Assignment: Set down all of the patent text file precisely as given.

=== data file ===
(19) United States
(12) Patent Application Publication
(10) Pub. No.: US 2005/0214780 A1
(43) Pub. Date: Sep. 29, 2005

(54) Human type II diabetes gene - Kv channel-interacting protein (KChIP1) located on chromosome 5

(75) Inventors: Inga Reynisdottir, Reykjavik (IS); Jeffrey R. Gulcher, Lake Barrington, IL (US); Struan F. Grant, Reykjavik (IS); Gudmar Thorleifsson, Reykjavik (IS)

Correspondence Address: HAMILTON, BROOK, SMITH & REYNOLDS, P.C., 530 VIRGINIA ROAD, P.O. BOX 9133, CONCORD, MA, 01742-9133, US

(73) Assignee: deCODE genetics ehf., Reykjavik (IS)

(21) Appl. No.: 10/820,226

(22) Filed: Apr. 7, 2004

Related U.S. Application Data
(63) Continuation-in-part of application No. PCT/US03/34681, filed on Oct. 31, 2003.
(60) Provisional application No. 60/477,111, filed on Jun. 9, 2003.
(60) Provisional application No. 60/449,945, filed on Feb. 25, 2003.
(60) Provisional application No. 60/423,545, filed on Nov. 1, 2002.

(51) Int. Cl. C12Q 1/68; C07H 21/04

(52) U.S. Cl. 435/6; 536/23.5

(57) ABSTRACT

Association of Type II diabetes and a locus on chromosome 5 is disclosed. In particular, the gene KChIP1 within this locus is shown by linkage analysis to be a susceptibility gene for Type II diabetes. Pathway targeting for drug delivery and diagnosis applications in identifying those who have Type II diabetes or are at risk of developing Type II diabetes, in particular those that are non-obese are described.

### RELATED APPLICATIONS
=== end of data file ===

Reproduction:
(19) United States
(12) Patent Application Publication
(10) Pub. No.: US 2005/0214780 A1
(43) Pub. Date: Sep. 29, 2005

(54) Human type II diabetes gene - Kv channel-interacting protein (KChIP1) located on chromosome 5

(75) Inventors: Inga Reynisdottir, Reykjavik (IS); Jeffrey R. Gulcher, Lake Barrington, IL (US); Struan F. Grant, Reykjavik (IS); Gudmar Thorleifsson, Reykjavik (IS)

Correspondence Address: HAMILTON, BROOK, SMITH & REYNOLDS, P.C., 530 VIRGINIA ROAD, P.O. BOX 9133, CONCORD, MA, 01742-9133, US

(73) Assignee: deCODE genetics ehf., Reykjavik (IS)

(21) Appl. No.: 10/820,226

(22) Filed: Apr. 7, 2004

Related U.S. Application Data
(63) Continuation-in-part of application No. PCT/US03/34681, filed on Oct. 31, 2003.
(60) Provisional application No. 60/477,111, filed on Jun. 9, 2003.
(60) Provisional application No. 60/449,945, filed on Feb. 25, 2003.
(60) Provisional application No. 60/423,545, filed on Nov. 1, 2002.

(51) Int. Cl. C12Q 1/68; C07H 21/04

(52) U.S. Cl. 435/6; 536/23.5

(57) ABSTRACT

Association of Type II diabetes and a locus on chromosome 5 is disclosed. In particular, the gene KChIP1 within this locus is shown by linkage analysis to be a susceptibility gene for Type II diabetes. Pathway targeting for drug delivery and diagnosis applications in identifying those who have Type II diabetes or are at risk of developing Type II diabetes, in particular those that are non-obese are described.

### RELATED APPLICATIONS